The next legislative session hasn’t started yet, but one local official is already brewing a proposal that could help bolster the Bay State’s craft beer industry.

State Sen. James Eldridge, D-Acton, plans on filing legislation next year at the State House, that if passed, would allow local beer makers to sell their products at Farmers Markets and agricultural events in Massachusetts.

“That’s my hope,” said Eldridge. “I plan to file the bill and hopefully we can get this passed.”

Eldridge said he has been in touch with members of the Massachusetts Craft Brewers Guild, as well as constituents, who have showed interest in his idea.

Similar legislation was filed in 2010 to allow local wineries to sell their product at farmers markets, and since Governor Deval Patrick signed off on the bill, Eldridge said wine sales have “sky rocketed.”

“It has supported a lot of local agriculture as well,” he said.

The sale of wine was allowed at markets and agricultural events for the first time in 2011.

Now, registered wineries can apply for the appropriate license from a local alcohol licensing authority and distribute their product at the events.

“It made the most sense to start out with [wine] to see if it worked, and once there was a track record to file the bill on craft beers,” said Eldridge. “For wineries, it has been a real win- win.”

Not only did allowing the sale of local wines help bring more people to farmers markets, it also put a boost in the Massachusetts economy.

A survey of local wineries conducted by the Massachusetts Department of Agricultural Resources showed there was a 66 percent increase in overall wine sales in the state after the legislation was approved. Companies making the wine also said they planned on hiring more staff as a result of the law being passed.

“It has been a big success,” said Eldridge, adding he is hopeful the same could be done for the booming craft beer industry in Massachusetts.

Mimi Graney, executive director of Union Square Main Streets, which runs the Union Square Farmers Market in Somerville, said the introduction of wine has been successful, and she would support a similar proposal for craft beers “whole-heartedly.“

“It might expand business for the breweries,” said Graney. “Folks might be in a rut if every time they go to the liquor store they are always getting Corona, and this would allow them to try some local products they haven’t had before.”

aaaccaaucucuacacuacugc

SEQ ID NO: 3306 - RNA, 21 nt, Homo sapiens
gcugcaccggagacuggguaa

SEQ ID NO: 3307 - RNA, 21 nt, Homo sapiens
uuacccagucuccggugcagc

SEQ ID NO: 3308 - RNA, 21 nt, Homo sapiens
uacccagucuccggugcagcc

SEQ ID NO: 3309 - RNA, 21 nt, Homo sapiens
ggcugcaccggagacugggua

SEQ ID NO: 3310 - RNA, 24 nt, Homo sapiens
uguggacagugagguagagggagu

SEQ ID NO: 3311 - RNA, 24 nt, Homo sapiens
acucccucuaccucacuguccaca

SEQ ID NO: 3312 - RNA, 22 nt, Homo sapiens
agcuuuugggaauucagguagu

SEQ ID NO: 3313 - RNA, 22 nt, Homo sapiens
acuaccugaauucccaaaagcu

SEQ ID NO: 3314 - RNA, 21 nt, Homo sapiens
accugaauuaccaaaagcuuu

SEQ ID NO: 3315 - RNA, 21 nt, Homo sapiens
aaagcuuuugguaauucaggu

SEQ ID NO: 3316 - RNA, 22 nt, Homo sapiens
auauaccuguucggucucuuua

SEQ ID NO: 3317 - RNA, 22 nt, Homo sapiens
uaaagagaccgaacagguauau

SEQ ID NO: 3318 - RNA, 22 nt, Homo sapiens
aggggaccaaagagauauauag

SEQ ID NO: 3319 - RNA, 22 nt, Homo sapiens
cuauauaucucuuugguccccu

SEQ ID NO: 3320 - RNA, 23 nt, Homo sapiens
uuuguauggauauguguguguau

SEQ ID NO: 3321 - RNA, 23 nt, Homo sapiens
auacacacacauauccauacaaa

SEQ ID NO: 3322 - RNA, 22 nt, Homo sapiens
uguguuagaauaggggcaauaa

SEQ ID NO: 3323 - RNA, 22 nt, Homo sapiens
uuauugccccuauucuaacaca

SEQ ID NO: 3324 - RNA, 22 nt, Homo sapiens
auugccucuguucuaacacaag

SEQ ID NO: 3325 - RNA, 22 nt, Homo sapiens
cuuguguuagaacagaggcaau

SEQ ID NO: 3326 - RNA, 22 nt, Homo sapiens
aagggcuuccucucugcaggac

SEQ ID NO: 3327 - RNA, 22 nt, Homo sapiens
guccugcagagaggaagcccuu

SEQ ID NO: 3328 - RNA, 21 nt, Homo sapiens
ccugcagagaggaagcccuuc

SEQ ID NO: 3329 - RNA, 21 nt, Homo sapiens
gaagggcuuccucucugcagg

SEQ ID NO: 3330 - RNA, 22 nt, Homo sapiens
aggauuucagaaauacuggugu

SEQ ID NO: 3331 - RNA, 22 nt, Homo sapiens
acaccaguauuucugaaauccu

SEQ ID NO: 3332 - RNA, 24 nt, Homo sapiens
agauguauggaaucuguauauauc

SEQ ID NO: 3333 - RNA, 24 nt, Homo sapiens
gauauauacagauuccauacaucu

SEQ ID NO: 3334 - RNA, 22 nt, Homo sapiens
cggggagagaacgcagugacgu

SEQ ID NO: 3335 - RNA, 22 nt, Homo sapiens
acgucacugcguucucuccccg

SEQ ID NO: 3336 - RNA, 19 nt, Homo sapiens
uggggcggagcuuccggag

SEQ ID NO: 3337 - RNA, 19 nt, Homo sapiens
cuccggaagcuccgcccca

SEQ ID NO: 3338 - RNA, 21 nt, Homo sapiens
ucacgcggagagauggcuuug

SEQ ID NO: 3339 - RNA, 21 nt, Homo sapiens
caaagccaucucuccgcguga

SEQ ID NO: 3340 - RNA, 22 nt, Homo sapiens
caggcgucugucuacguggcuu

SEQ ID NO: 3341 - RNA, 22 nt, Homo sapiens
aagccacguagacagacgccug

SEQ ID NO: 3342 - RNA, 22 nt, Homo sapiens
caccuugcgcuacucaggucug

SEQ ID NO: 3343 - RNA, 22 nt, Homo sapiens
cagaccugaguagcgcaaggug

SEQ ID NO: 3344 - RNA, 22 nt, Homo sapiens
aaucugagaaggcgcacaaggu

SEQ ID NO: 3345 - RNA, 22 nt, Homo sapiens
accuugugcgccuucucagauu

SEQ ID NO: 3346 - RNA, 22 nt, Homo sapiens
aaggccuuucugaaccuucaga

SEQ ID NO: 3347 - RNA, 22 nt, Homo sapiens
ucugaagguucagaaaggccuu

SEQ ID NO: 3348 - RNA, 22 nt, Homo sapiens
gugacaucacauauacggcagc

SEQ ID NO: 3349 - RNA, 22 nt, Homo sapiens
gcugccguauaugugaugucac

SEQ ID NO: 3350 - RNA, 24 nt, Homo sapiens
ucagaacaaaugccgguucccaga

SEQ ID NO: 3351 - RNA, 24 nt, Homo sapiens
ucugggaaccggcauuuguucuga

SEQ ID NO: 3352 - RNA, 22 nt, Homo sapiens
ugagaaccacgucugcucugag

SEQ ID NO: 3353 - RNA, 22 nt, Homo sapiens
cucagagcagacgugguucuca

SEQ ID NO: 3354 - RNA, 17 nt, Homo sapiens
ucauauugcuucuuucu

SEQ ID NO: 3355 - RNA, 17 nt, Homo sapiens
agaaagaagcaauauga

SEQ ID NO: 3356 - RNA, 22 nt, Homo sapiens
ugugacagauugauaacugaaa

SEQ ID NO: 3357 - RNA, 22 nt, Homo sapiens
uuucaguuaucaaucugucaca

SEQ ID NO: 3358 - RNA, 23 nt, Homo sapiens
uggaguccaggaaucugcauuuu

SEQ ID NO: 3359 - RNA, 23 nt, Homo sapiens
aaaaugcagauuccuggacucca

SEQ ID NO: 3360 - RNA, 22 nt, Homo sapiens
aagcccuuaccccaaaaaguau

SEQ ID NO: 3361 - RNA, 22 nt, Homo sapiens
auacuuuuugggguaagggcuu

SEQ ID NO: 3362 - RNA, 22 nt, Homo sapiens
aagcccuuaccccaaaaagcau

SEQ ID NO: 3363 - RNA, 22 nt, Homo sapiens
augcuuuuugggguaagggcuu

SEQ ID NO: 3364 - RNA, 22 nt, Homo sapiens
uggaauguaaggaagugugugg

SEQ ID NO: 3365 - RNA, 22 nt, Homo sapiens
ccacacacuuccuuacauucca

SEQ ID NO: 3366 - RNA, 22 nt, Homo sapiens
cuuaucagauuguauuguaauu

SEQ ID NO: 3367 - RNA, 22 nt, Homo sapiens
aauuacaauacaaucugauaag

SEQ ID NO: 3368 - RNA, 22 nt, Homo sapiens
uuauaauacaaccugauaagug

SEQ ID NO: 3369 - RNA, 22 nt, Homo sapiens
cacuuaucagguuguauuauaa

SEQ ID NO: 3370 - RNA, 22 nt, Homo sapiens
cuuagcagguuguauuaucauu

She said there is already a “workable system” for how wineries are involved in the markets, so it would be “pretty easy to expand to breweries as well.”

Jeff Wharton, co-founder of Drink Craft Beer, a website that educates the public on the growing, local industry and connects consumers with craft beer products, said Eldridge’s proposal “just makes sense.”

“It’s the exact demographic—people who want to know the story about where their food comes from,” said Wharton. ”It would not just be going to a liquor store and picking up beer. You could go and interact with the company making this beer.”

Wharton said the idea would also allow local brewers to connect with Massachusetts farmers and keep the beer ingredients in the state.

“It would be a great opportunity because a lot of brewers are working with local ingredients and local farmers and this just furthers that relationship,” he said.

Wharton called farmers market customers “the perfect audience,” and said it could lead to more beer makers getting their product out to that audience.

“We have so many small local brewers popping up [in Massachusetts], it would be a great way to connect those local brewers to the people looking to learn about this [industry],” he said.

While details haven’t been ironed out, and there is still a ways to go before anything changes, if the success of wine sales at the markets is any indication, the proposed legislation could mean big things for brewers.

“If we have wine being sold there and we haven’t seen problems yet, I don’t see a plausible reason why you could ever argue against craft beer,” said Wharton.

 

How Wine Sales at Farmers Markets Helped the Industry in 2011, according to a report from the Department of Agricultural Resources:

  • 18 local wineries participated at 67 different agricultural events, including 63 farmers’ markets and four agricultural fairs and festivals.
  • Wineries reported an average 66 percent increase in overall sales due to sales from these markets.
  • According to the DAR survey, sales at farmers’ markets totaled 34,280 bottles of wine – with an approximate value of $514,200.
  • Fifty-three percent plan to hire more employees, totaling 15 full-time and six part-time positions.
  • Ninety-four percent of respondents reported increased recognition for their wine.
  • Eighty-two percent of respondents reported increased visitors at their winery with an average increase of 28 percent.
  • Thirty-five percent of respondents plan to expand production.
  • Twenty-nine percent of respondents plan to increase wine production by an average of 38 percent this coming year.